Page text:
We have it good here in the good old U.S. of A.  But we’ve become a nation of sales whiners.  When unemployment is 6.5% we see Armageddon.  When the credit markets tighten up we come up with reasons (i.e., convenient rationalizations) why the client won’t buy…today!

Not all markets are created equal.  We shouldn’t generalize what we see in the news and assume it applies to our market.  It may, but the direct assumption is a copout.  In George Orwell’s 1984 the media was in charge of creating perception to fit some totalitarian agenda.

Today, the media irritates me.  They can’t seem to make up their mind whether we’re in a deep recession or shallow depression.  Who cares!  Pundits be damned!  Argentina had an unemployment rate of over 20%, a weak peso, overpriced gas and yet, by some Keynesian trickier or fortunate turbulence of the invisible hand, companies were still buying from somebody.  No economy stands still!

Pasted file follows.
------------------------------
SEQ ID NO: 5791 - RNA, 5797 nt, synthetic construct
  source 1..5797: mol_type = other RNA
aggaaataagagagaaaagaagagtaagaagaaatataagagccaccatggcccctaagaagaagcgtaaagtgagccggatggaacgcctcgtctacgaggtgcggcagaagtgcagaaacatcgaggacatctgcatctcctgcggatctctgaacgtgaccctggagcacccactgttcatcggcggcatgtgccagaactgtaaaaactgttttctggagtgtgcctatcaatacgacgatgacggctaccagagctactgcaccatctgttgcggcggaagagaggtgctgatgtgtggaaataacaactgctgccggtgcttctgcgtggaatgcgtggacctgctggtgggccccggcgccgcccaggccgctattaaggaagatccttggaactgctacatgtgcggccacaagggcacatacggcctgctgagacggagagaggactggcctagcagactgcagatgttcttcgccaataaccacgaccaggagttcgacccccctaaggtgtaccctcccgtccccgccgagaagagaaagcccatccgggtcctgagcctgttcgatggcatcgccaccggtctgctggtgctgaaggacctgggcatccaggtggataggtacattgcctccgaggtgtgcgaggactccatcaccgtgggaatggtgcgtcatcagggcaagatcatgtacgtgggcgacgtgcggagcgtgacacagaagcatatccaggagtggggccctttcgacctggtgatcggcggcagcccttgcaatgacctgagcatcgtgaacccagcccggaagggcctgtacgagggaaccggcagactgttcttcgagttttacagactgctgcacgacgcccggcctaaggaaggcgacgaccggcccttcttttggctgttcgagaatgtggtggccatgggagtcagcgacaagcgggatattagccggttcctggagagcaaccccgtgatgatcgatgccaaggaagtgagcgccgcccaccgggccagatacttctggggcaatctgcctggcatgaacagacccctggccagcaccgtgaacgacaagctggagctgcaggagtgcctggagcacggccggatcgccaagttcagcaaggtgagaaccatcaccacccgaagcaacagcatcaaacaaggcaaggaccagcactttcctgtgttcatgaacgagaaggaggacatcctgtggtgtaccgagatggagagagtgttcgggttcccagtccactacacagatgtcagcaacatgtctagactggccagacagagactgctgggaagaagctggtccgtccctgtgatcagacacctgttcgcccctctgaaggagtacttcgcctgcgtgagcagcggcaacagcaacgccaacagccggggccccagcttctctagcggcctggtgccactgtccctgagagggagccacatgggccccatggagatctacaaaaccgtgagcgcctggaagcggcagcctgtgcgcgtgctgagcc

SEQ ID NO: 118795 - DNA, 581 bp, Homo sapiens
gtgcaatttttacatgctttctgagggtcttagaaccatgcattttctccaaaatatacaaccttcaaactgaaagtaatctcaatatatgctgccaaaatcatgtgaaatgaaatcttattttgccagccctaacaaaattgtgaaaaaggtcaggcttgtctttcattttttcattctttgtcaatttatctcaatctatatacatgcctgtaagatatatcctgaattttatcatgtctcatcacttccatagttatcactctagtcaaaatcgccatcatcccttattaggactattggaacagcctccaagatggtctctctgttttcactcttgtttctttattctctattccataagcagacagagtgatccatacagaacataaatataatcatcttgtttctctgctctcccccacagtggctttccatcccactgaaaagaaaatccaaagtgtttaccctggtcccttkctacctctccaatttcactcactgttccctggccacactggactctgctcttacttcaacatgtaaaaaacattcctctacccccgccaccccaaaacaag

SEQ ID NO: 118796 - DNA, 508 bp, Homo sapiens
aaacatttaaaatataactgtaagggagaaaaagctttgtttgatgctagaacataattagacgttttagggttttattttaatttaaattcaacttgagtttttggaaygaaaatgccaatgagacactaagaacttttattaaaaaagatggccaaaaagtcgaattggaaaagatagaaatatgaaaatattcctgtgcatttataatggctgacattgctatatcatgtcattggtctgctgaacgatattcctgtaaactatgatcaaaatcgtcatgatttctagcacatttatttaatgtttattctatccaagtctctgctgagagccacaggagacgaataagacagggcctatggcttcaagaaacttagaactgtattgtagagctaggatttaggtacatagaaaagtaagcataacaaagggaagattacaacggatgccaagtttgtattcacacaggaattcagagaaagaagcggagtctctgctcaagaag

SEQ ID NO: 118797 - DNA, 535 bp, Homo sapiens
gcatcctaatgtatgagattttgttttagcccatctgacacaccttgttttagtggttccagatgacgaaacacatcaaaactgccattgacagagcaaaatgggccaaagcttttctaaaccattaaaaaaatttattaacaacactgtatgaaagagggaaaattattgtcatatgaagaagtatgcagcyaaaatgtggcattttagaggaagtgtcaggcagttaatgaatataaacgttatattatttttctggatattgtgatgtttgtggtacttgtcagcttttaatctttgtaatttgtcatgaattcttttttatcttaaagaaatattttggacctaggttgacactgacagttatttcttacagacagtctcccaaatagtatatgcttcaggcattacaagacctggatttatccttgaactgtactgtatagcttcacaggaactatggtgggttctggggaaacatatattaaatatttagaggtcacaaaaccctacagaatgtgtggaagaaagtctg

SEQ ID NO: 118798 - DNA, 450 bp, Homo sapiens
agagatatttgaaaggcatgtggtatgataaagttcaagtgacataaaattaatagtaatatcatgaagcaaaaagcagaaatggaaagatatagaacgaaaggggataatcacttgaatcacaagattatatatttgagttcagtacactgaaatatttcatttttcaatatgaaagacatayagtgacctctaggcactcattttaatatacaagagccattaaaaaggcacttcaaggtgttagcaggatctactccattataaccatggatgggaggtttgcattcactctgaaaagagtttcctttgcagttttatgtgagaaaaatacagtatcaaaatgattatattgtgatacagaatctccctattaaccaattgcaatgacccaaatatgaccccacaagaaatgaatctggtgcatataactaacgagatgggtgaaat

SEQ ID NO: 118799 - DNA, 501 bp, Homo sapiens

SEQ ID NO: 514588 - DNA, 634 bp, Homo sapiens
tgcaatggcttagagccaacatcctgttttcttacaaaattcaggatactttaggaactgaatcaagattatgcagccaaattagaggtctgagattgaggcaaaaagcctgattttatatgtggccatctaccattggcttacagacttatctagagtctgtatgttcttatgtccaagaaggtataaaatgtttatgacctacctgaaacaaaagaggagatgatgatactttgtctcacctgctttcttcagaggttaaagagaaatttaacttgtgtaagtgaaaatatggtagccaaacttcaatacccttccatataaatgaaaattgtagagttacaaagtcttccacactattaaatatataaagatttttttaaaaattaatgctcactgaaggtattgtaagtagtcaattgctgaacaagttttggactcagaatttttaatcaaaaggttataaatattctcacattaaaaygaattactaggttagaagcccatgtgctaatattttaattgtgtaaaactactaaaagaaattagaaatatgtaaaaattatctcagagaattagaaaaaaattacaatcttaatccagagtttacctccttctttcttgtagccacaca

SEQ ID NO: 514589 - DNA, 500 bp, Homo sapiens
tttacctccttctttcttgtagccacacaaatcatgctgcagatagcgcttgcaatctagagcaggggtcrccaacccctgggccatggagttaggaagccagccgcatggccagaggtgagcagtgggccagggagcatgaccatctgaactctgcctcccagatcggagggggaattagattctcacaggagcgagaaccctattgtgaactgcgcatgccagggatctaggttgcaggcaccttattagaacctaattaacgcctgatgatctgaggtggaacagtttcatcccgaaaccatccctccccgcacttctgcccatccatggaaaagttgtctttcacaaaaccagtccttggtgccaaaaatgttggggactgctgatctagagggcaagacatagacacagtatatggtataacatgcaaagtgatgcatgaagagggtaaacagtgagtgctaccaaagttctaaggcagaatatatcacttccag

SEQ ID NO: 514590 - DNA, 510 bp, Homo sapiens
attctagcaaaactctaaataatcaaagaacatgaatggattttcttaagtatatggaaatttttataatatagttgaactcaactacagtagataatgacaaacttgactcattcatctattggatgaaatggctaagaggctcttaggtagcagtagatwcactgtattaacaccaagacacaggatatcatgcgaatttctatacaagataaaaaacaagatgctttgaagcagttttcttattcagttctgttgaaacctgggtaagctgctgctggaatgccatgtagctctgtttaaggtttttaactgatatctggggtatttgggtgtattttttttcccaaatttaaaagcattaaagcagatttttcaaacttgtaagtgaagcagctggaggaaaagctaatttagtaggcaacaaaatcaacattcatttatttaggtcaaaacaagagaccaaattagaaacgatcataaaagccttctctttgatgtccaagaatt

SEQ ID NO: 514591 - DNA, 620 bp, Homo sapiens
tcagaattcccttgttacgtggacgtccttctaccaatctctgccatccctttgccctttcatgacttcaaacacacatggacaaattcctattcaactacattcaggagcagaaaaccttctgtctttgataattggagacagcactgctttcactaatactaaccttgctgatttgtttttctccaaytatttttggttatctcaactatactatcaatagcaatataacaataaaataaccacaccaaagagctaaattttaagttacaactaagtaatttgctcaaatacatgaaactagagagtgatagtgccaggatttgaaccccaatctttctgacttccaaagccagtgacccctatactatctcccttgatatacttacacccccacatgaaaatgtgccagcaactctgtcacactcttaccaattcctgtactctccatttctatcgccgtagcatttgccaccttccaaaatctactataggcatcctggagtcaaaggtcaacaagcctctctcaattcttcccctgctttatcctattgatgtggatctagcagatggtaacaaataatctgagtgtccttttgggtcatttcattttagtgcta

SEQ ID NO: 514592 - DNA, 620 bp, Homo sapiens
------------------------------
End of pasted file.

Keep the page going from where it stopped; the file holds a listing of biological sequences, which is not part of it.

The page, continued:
Right now at this very moment, a potential client in your market niche is buying something from your competitor.  Stop coming up with reasons (i.e., excuses) why you can’t sell and think of reasons why NOW is the ideal time to expand your business. 
 
 
Victor Antonio, Sales Influence
“Finding the Why in (How People) Buy”

Copyright © 2008 by Victor Antonio.   All rights reserved.  This article MAY be reproduced in any form or by any means, electronic or mechanical, including photocopying, as long as the author’s name, website and email address are included as part of the article’s body.  All inquiries, including information on electronic licensing, should be directed to Victor Antonio at info@victorantonio.com.

Sales Influence Moment #9 – Sell the Steak or the Sizzle?

(Study Referenced: Angela Lee, Punam Anand Keller, Brian Sternthal, Value from Regulatory Construal Fit: The Persuasive Impact of Fit Between Consumer Goals and Message Concreteness, July 2009 – JCR 2/10)

Sales Influence Moment #8 – The Door-In-The-Face (DITF) Strategy